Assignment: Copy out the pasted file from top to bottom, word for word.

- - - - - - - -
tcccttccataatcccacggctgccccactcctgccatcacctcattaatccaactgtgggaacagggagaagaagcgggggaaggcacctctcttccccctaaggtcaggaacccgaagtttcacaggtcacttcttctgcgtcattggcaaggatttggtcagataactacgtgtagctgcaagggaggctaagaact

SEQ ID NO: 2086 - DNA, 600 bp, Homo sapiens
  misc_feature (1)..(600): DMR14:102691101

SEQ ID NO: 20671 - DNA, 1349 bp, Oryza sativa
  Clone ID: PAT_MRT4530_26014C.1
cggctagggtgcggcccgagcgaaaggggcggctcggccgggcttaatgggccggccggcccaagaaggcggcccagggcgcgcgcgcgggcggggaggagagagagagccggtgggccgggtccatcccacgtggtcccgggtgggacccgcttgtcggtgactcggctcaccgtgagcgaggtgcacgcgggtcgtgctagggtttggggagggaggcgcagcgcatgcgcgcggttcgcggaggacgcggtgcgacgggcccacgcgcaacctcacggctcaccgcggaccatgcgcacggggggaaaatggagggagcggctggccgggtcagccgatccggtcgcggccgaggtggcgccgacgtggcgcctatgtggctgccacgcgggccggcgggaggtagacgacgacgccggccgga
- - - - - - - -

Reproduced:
tcccttccataatcccacggctgccccactcctgccatcacctcattaatccaactgtgggaacagggagaagaagcgggggaaggcacctctcttccccctaaggtcaggaacccgaagtttcacaggtcacttcttctgcgtcattggcaaggatttggtcagataactacgtgtagctgcaagggaggctaagaact

SEQ ID NO: 2086 - DNA, 600 bp, Homo sapiens
  misc_feature (1)..(600): DMR14:102691101

SEQ ID NO: 20671 - DNA, 1349 bp, Oryza sativa
  Clone ID: PAT_MRT4530_26014C.1
cggctagggtgcggcccgagcgaaaggggcggctcggccgggcttaatgggccggccggcccaagaaggcggcccagggcgcgcgcgcgggcggggaggagagagagagccggtgggccgggtccatcccacgtggtcccgggtgggacccgcttgtcggtgactcggctcaccgtgagcgaggtgcacgcgggtcgtgctagggtttggggagggaggcgcagcgcatgcgcgcggttcgcggaggacgcggtgcgacgggcccacgcgcaacctcacggctcaccgcggaccatgcgcacggggggaaaatggagggagcggctggccgggtcagccgatccggtcgcggccgaggtggcgccgacgtggcgcctatgtggctgccacgcgggccggcgggaggtagacgacgacgccggccgga